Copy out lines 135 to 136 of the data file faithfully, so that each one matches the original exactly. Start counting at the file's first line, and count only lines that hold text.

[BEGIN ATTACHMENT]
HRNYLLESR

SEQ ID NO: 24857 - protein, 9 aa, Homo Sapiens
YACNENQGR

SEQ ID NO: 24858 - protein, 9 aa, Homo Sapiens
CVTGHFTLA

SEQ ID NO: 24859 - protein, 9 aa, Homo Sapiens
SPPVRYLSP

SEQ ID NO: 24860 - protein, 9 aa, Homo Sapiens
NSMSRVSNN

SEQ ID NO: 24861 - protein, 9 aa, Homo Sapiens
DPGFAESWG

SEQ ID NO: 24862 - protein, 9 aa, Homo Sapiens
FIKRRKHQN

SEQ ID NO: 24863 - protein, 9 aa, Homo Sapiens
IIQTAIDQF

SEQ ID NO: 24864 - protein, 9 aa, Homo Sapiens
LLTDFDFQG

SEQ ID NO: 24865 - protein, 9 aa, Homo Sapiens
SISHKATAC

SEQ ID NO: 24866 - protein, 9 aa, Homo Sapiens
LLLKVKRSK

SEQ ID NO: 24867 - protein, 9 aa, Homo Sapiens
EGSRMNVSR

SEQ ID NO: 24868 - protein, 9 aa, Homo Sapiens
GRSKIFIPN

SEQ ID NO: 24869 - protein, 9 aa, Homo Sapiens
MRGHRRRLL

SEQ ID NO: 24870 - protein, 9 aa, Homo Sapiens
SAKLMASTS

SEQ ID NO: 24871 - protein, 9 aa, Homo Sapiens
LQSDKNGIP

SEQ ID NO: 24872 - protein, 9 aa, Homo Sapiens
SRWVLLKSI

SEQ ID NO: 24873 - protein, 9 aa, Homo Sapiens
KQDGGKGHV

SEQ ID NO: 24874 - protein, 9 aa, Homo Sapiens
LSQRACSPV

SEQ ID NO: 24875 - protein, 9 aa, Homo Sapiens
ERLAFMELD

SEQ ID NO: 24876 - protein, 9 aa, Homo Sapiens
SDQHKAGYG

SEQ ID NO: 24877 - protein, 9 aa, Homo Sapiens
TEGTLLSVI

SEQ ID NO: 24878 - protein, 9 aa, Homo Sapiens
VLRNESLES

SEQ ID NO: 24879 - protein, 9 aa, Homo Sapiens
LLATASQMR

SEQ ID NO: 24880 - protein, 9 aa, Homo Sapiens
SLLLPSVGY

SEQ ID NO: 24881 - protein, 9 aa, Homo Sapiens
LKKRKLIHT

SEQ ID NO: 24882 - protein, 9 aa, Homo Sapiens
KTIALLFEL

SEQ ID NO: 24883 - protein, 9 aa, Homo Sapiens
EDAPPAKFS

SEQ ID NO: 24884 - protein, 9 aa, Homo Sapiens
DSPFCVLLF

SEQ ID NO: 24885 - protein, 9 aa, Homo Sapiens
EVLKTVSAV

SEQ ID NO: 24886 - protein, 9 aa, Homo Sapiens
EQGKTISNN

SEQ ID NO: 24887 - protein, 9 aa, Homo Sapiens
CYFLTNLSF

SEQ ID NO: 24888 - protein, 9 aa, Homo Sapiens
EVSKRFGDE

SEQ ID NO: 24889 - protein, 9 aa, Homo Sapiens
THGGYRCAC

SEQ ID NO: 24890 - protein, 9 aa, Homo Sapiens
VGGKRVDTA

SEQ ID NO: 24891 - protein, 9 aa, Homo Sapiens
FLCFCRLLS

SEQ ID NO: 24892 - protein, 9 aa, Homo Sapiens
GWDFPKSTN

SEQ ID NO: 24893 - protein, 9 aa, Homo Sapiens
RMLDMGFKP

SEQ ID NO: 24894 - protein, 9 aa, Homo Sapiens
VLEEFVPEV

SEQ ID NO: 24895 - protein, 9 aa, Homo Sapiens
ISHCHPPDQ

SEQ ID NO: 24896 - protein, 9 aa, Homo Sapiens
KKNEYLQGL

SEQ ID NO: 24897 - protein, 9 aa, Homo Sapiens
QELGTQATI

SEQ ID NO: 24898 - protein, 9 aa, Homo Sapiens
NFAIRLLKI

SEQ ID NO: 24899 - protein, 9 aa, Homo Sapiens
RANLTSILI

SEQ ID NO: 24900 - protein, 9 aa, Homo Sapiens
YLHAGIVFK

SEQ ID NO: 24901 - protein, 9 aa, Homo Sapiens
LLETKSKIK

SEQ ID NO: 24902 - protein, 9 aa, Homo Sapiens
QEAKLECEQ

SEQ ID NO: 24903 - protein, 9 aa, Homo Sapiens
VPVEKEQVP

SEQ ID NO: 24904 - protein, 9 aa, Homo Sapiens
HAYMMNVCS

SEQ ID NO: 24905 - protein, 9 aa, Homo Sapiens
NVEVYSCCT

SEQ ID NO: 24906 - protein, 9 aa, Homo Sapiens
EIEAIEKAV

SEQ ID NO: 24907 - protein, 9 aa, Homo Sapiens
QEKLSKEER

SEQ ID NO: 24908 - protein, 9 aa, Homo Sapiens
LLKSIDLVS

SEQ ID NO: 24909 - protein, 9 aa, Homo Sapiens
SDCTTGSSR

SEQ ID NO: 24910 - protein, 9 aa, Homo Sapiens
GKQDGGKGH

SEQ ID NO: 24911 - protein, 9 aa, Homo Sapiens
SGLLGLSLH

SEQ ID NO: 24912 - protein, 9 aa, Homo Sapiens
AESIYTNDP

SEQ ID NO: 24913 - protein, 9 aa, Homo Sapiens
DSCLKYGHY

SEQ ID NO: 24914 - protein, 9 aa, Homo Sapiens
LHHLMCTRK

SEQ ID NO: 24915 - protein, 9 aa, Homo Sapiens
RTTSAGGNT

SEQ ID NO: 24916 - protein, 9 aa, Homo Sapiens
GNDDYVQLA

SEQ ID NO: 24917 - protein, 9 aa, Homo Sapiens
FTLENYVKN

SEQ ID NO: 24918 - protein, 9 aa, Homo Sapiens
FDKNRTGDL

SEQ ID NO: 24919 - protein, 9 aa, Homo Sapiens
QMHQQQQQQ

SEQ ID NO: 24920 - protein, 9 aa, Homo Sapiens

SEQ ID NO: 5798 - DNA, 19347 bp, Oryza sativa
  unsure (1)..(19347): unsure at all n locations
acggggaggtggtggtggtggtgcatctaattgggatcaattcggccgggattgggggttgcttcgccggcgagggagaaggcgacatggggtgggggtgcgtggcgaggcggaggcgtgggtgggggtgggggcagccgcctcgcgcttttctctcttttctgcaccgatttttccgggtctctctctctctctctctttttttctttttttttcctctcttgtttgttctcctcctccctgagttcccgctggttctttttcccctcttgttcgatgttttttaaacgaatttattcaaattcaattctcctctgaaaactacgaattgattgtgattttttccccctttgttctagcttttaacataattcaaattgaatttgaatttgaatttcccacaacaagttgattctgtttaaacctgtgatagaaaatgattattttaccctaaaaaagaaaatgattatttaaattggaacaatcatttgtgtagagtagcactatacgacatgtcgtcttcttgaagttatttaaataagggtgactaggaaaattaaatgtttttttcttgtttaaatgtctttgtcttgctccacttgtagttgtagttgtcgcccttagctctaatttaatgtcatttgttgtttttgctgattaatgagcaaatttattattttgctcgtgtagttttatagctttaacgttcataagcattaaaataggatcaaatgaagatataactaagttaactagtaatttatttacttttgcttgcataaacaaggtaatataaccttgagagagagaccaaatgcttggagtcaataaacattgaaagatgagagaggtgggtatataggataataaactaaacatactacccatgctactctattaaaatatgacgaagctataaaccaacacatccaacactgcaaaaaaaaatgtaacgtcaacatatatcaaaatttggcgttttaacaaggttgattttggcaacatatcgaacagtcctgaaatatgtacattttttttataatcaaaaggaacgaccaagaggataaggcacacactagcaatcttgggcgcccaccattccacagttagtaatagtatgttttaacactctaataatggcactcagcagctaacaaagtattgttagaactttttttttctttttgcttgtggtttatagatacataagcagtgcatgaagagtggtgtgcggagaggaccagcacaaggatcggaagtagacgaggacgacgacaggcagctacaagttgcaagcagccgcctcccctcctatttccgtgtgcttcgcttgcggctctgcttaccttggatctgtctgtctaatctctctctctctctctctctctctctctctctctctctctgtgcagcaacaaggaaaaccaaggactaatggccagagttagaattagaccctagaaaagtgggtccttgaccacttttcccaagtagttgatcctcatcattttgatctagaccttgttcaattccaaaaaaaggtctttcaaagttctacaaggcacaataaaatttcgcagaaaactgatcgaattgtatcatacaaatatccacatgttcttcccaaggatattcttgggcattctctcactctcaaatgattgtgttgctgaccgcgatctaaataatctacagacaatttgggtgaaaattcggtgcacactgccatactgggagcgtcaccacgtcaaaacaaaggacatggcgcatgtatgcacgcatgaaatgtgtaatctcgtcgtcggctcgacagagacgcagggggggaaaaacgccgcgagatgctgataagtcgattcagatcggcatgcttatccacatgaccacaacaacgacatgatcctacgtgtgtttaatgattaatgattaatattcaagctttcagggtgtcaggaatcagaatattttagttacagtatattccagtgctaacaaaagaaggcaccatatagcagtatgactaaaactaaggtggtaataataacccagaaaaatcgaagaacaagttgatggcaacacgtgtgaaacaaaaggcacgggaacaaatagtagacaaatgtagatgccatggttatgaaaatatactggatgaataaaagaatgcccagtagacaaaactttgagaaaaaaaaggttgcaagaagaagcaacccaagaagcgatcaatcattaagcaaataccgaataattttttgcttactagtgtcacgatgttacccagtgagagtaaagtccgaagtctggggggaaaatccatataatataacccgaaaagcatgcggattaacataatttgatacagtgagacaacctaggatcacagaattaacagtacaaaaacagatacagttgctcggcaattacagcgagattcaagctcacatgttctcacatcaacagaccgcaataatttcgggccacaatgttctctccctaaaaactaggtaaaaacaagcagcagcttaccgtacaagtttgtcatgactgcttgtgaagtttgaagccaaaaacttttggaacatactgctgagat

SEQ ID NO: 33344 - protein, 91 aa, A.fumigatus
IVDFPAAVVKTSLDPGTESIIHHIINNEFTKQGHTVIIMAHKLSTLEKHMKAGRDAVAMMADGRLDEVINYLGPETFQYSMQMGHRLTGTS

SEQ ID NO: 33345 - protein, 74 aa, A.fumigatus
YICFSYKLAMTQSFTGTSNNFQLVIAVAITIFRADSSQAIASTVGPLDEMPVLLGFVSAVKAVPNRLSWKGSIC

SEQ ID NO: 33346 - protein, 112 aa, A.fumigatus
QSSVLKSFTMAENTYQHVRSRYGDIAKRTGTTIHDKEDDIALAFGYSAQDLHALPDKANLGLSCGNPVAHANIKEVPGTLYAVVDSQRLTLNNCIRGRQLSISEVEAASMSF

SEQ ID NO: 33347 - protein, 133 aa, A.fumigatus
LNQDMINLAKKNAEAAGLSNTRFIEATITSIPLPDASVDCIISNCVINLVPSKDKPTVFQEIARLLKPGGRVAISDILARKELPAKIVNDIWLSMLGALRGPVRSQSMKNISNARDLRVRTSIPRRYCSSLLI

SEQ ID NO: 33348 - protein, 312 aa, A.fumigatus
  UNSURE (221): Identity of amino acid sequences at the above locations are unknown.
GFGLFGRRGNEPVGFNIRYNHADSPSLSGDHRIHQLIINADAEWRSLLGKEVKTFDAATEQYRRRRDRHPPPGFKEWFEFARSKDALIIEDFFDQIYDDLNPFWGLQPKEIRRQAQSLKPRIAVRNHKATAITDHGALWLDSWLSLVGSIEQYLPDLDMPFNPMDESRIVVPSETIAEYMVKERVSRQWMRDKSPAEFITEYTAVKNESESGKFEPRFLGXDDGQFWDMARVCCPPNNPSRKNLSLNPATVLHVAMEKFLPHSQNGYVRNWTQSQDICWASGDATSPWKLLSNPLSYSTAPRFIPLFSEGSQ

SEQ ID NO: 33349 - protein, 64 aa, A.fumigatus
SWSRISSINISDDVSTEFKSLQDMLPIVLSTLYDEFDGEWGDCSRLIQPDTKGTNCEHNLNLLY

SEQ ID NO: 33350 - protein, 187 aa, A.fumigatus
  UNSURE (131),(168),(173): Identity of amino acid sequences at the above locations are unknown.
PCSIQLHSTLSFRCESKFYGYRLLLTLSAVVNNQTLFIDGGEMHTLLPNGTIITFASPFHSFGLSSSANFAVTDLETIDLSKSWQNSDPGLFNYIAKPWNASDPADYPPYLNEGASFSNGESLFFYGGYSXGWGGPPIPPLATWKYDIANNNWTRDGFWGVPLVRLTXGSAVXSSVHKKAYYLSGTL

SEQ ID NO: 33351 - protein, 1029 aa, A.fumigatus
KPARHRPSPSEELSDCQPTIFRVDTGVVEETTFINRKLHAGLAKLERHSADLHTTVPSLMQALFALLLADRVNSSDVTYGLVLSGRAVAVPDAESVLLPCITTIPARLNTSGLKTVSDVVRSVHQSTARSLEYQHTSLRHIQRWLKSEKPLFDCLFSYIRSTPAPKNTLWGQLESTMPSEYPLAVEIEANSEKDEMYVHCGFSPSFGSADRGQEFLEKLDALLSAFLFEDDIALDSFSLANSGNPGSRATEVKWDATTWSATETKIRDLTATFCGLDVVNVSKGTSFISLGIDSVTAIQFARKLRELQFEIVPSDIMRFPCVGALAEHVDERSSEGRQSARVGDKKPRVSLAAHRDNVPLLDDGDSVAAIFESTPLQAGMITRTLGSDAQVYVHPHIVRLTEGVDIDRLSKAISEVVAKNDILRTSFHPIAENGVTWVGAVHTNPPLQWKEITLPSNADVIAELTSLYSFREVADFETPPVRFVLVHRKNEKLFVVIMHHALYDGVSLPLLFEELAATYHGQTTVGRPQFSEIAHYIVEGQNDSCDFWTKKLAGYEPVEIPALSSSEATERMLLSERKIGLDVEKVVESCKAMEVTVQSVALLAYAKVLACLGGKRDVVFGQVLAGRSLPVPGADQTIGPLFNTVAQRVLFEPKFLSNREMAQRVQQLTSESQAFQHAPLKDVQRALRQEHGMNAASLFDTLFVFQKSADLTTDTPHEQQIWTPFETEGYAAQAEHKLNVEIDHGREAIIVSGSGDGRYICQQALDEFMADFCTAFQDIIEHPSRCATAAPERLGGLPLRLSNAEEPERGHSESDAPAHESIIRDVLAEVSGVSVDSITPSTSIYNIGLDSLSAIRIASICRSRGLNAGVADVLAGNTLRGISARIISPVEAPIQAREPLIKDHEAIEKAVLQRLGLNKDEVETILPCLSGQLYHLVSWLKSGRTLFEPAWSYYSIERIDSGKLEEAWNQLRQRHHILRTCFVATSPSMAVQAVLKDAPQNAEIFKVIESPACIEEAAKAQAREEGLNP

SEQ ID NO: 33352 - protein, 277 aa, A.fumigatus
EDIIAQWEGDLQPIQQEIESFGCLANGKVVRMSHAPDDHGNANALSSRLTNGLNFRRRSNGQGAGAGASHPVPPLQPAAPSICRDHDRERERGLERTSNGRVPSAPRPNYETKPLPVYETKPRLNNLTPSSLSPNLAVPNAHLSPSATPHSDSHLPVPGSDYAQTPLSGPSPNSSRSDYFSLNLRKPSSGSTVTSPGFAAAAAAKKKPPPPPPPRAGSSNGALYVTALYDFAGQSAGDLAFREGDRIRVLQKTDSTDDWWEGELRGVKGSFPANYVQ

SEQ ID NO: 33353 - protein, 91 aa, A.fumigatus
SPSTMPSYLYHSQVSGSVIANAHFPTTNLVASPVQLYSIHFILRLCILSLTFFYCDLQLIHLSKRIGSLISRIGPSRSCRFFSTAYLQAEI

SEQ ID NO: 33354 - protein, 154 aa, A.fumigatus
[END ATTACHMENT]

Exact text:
YICFSYKLAMTQSFTGTSNNFQLVIAVAITIFRADSSQAIASTVGPLDEMPVLLGFVSAVKAVPNRLSWKGSIC

SEQ ID NO: 33346 - protein, 112 aa, A.fumigatus